Sweeting will know, like the rest of tennis, that it is an offer somewhat lacking in guarantees. The Centre Court gave Nadal and his people the warmest of welcomes – and they promptly pulled up their chairs. It is a fiesta, you have to believe, that can run for quite some time. Another 12 days? You wouldn't want to bet against it.

Suggested Topics
Life and Style
Customers can get their caffeine fix on the move
food + drink
Life and Style
techCould new invention save millions in healthcare bills?
Sport
David Moyes gets soaked
sport Moyes becomes latest manager to take part in the ALS challenge
News
peopleEnglishman managed the quintessential Hollywood restaurant Chasen's
PROMOTED VIDEO
Voices
Mosul dam was retaken with the help of the US
voicesRobert Fisk: Barack Obama is following the jihadists’ script
Arts and Entertainment
Michael Flatley prepares to bid farewell to the West End stage
danceMichael Flatley hits West End for last time alongside Team GB World champion Alice Upcott
News
Members and supporters of the lesbian, gay, bisexual, transgender (LGBT) community walk with a rainbow flag during a rally in July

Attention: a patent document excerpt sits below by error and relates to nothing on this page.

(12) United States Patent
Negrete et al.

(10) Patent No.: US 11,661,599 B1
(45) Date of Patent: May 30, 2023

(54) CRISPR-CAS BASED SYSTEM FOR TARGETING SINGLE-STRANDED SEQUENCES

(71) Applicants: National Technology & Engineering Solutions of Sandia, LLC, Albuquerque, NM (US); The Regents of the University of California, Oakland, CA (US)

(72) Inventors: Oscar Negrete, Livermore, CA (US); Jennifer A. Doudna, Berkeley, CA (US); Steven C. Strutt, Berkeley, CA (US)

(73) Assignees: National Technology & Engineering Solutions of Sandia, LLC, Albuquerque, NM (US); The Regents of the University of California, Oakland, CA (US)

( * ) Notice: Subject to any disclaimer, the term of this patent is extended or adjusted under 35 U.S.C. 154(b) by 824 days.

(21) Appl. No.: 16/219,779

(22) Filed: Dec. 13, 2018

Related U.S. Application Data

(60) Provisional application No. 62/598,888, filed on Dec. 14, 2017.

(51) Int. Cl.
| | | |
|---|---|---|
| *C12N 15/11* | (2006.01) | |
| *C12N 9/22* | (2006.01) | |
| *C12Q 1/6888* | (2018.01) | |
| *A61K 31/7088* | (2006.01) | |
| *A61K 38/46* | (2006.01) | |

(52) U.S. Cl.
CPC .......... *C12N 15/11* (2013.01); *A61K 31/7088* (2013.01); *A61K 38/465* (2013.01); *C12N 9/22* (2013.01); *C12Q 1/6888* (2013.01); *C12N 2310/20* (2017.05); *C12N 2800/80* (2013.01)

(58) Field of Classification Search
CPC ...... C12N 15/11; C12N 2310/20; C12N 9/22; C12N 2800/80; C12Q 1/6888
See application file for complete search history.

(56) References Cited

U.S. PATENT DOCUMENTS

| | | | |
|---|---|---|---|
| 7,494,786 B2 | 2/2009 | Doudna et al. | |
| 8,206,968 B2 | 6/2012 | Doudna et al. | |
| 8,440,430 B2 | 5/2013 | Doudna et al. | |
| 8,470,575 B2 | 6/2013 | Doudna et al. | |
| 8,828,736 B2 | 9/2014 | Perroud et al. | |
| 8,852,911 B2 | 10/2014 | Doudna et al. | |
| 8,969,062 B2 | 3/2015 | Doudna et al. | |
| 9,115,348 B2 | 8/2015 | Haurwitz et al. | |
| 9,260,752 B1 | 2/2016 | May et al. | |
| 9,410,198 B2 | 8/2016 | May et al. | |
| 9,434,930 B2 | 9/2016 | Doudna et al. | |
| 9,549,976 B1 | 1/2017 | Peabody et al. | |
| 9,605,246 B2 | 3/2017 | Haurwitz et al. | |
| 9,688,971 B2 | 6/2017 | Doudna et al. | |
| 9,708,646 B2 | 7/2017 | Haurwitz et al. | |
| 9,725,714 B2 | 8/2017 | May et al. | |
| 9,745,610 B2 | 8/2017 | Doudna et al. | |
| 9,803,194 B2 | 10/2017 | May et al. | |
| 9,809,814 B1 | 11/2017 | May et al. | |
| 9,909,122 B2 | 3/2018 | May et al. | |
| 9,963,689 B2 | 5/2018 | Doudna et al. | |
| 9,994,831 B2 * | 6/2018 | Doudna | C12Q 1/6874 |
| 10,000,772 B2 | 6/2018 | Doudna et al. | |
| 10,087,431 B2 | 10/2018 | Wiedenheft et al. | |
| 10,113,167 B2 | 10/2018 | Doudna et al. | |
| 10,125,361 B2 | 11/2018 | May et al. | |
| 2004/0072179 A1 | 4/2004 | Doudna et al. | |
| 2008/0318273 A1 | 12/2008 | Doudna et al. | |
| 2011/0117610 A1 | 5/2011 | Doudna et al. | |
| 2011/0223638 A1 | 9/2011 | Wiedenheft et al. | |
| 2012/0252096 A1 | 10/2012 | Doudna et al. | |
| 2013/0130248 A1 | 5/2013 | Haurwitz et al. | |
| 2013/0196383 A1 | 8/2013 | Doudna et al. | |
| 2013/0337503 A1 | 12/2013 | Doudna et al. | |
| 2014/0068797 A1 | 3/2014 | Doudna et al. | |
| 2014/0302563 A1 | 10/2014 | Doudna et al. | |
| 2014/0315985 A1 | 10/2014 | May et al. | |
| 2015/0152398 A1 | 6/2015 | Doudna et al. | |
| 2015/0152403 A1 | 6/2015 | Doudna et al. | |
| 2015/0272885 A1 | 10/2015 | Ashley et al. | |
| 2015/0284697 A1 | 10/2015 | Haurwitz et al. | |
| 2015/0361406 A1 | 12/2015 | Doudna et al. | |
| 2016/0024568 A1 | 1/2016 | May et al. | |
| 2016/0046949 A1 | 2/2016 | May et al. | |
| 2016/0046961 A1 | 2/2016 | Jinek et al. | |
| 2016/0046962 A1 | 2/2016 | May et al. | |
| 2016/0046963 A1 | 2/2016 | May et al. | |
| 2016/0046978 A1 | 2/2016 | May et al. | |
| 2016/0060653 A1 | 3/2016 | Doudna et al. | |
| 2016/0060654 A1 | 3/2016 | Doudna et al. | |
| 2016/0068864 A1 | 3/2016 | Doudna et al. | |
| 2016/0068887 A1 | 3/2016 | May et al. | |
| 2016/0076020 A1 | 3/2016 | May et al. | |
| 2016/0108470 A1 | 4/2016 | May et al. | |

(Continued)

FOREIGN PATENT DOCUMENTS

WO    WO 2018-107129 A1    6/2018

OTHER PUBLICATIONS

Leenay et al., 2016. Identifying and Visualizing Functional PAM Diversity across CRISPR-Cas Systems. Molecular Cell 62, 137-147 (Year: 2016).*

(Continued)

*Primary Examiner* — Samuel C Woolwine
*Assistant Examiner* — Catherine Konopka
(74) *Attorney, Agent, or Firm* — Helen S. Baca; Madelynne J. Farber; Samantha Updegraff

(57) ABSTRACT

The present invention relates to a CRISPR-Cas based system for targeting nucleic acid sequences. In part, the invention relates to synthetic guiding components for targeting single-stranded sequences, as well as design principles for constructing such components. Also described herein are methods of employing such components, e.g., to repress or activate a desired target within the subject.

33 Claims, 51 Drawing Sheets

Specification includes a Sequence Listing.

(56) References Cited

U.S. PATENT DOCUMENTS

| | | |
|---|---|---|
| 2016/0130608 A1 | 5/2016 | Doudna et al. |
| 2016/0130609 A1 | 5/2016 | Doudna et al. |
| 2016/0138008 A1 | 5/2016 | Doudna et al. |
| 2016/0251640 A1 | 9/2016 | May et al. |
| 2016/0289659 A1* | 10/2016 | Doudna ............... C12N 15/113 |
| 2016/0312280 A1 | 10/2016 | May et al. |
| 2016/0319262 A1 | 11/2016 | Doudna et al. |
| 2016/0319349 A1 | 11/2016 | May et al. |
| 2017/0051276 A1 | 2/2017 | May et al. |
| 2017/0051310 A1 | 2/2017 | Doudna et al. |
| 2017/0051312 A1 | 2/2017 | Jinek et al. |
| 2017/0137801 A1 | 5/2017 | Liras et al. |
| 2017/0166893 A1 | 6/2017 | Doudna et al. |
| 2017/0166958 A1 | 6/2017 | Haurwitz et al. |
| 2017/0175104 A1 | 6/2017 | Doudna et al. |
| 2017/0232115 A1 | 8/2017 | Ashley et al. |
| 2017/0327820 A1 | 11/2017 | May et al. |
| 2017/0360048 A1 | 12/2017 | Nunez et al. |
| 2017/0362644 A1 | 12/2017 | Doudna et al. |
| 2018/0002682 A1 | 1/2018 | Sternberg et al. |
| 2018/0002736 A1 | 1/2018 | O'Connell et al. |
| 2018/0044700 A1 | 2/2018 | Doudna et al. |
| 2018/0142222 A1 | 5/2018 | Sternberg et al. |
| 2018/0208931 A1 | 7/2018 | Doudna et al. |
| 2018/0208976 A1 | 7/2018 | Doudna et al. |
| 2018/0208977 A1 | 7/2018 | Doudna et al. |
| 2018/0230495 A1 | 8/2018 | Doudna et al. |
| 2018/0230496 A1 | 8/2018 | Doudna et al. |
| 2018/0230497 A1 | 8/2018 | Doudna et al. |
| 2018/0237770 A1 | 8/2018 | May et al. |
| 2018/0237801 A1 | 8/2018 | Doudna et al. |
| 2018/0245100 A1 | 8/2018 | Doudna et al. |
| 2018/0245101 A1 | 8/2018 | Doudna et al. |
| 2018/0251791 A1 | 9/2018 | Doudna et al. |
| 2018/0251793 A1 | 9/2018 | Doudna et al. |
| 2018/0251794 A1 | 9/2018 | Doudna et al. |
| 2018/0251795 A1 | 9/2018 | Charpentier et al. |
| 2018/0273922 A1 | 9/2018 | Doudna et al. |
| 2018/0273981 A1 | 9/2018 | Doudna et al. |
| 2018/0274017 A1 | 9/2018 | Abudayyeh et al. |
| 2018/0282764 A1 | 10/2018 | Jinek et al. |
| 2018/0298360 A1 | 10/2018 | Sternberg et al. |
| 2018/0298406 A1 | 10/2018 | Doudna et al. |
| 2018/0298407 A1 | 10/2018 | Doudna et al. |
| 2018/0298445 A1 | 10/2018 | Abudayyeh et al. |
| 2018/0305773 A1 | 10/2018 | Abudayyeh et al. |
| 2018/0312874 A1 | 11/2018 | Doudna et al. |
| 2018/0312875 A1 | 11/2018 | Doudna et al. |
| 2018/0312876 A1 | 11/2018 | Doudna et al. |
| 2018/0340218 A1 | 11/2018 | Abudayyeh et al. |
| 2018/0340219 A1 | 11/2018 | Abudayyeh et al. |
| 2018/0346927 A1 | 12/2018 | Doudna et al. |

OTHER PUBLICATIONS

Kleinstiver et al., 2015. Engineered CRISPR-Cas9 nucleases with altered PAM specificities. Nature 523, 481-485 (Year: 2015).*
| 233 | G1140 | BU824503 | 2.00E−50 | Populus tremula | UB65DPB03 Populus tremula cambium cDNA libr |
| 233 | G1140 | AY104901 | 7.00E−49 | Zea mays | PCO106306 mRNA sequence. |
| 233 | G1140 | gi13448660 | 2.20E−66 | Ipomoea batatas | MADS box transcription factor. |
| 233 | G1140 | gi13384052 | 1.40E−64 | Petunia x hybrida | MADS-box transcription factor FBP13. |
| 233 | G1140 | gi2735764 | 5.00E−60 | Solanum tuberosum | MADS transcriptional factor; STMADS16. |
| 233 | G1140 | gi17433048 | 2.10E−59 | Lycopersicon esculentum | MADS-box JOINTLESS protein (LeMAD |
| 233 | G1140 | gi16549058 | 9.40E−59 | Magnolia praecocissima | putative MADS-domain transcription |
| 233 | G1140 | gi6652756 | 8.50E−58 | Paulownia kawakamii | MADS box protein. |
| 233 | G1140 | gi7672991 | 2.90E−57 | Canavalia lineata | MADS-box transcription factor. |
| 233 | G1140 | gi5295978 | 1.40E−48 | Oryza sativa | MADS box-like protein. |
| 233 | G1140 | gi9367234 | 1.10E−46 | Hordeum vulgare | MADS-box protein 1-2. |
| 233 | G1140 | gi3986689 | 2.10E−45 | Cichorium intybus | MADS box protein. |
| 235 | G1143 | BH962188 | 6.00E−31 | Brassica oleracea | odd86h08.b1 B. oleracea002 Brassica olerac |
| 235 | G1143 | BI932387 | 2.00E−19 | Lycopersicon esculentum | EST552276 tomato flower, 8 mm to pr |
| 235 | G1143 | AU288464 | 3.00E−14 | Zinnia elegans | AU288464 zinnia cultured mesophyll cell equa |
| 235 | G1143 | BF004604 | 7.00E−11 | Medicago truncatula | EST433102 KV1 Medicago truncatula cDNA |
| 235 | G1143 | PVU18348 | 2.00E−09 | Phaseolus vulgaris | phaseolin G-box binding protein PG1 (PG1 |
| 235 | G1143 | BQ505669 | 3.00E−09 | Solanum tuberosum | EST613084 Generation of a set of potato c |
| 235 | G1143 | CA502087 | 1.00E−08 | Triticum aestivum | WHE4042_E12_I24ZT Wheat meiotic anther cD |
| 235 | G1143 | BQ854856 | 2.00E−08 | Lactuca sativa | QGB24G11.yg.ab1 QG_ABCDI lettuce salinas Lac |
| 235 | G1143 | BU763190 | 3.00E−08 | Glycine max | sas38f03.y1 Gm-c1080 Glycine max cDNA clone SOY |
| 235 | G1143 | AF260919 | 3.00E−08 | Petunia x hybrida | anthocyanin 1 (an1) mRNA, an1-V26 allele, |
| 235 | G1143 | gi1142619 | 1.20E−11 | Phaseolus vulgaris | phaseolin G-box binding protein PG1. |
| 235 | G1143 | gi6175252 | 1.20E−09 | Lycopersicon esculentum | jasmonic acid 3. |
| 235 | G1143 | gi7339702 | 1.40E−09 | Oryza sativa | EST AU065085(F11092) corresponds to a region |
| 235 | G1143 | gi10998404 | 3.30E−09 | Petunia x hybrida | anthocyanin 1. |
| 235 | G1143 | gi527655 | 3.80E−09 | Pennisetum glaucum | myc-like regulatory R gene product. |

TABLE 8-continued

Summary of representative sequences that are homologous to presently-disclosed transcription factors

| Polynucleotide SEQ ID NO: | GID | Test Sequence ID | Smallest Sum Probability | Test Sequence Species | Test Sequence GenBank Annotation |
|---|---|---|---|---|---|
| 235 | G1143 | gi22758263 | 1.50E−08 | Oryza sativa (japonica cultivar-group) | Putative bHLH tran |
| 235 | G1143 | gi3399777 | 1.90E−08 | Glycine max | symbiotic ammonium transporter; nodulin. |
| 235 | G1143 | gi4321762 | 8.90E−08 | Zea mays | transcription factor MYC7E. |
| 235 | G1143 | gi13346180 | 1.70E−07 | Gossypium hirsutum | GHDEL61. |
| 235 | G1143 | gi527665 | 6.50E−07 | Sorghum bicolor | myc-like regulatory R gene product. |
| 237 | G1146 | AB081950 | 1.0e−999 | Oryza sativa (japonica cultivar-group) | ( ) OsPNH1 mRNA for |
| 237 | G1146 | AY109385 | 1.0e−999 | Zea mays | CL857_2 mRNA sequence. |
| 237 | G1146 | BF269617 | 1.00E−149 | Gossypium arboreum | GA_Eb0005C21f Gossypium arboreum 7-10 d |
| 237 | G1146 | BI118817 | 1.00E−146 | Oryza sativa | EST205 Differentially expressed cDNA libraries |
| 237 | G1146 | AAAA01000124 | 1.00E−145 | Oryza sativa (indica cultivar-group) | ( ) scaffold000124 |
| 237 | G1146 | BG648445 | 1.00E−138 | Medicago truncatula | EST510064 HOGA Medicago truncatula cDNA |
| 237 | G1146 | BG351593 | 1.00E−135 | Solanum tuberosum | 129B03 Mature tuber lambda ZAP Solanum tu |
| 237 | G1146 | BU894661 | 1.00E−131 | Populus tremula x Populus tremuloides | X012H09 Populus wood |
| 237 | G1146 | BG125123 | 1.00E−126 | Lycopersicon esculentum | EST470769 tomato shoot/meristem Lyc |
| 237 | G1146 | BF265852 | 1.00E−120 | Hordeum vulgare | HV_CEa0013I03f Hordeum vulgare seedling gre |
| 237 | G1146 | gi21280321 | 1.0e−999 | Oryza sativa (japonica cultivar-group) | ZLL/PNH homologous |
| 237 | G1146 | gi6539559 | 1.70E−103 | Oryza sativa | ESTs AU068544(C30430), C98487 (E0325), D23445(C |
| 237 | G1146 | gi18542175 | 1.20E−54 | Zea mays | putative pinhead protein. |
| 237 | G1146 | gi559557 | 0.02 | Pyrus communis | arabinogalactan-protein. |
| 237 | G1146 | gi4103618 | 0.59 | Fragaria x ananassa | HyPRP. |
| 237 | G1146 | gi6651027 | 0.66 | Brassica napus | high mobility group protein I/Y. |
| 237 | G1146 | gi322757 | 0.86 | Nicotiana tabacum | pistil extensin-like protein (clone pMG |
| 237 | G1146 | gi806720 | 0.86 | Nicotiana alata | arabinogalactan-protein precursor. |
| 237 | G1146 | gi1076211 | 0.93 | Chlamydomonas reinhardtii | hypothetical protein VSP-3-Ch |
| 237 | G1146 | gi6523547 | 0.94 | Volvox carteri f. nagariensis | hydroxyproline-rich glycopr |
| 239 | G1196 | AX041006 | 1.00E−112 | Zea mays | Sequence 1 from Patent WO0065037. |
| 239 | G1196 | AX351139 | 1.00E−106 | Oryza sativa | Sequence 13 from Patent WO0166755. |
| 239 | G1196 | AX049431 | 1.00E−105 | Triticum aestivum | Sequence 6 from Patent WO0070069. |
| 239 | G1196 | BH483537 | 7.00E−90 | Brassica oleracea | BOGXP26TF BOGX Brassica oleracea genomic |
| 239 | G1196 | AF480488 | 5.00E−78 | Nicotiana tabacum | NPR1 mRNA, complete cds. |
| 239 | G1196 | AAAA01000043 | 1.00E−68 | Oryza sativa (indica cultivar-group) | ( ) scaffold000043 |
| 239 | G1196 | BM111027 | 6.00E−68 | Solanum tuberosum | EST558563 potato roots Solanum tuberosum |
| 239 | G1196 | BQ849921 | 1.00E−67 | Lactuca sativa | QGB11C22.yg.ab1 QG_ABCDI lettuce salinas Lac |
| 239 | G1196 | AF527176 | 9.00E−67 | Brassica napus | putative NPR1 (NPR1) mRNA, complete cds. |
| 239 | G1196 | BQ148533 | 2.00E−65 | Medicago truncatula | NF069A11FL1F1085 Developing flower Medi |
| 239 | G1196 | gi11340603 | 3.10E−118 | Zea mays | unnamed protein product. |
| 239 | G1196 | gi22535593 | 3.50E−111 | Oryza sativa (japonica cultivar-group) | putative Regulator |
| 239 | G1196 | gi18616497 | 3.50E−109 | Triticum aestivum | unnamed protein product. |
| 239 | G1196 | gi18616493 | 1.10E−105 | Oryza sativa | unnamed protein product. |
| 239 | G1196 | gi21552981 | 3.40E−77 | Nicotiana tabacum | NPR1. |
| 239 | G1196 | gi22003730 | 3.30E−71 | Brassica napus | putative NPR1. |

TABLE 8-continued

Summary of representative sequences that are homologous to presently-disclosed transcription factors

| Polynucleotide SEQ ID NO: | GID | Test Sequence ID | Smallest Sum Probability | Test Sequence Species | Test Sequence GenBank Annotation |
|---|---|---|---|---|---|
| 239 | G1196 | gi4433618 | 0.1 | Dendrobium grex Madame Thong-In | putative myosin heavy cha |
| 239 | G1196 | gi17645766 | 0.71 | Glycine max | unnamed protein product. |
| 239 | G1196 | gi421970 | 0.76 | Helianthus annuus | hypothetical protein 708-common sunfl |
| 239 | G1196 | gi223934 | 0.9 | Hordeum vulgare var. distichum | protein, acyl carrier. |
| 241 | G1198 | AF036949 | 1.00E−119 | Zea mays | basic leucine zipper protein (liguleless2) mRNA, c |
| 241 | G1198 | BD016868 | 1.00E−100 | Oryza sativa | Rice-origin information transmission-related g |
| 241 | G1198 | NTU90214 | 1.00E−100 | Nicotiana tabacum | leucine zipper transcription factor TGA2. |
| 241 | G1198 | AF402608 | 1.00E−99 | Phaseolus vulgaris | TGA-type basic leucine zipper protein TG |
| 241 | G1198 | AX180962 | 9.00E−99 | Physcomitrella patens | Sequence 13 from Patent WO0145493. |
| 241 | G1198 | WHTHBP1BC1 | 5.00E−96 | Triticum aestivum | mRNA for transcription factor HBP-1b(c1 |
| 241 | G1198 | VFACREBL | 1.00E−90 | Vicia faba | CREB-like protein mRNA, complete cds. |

i100
Life and Style
Black Ivory Coffee is made using beans plucked from elephants' waste after ingested by the animals
food + drinkFirm says it has created the "rarest" coffee in the world
Arts and Entertainment
Loaded weapon: drugs have surprise side effects for Scarlett Johansson in Luc Besson’s ‘Lucy’
filmReview: Lucy, Luc Besson's complex thriller
Arts and Entertainment
Jamie T plays live in 2007 before going on hiatus from 2010
arts + entsSinger-songwriter will perform on the Festival Republic Stage
Life and Style
food + drinkThese simple recipes will have you refreshed within minutes
News
Jermain Defoe got loads of custard
i100
News
peoplePamela Anderson rejects ice bucket challenge because of ALS experiments on animals
Caption competition
Caption competition
Latest stories from i100
Have you tried new the Independent Digital Edition apps?
Daily Quiz
Independent Dating
and  

By clicking 'Search' you
are agreeing to our
Terms of Use.

Air strikes? Talk of God? Obama is following the jihadists’ script

Air strikes? Talk of God? Obama is following the jihadists’ script

The President came the nearest he has come yet to rivalling George W Bush’s gormless reaction to 9/11 , says Robert Fisk
Ebola outbreak: Billy Graham’s son declares righteous war on the virus

Billy Graham’s son declares righteous war on Ebola

A Christian charity’s efforts to save missionaries trapped in Africa by the crisis have been justifiably praised. But doubts remain about its evangelical motives
Jeremy Clarkson 'does not see a problem' with his racist language on Top Gear, says BBC

Not even Jeremy Clarkson is bigger than the BBC, says TV boss

Corporation’s head of television confirms ‘Top Gear’ host was warned about racist language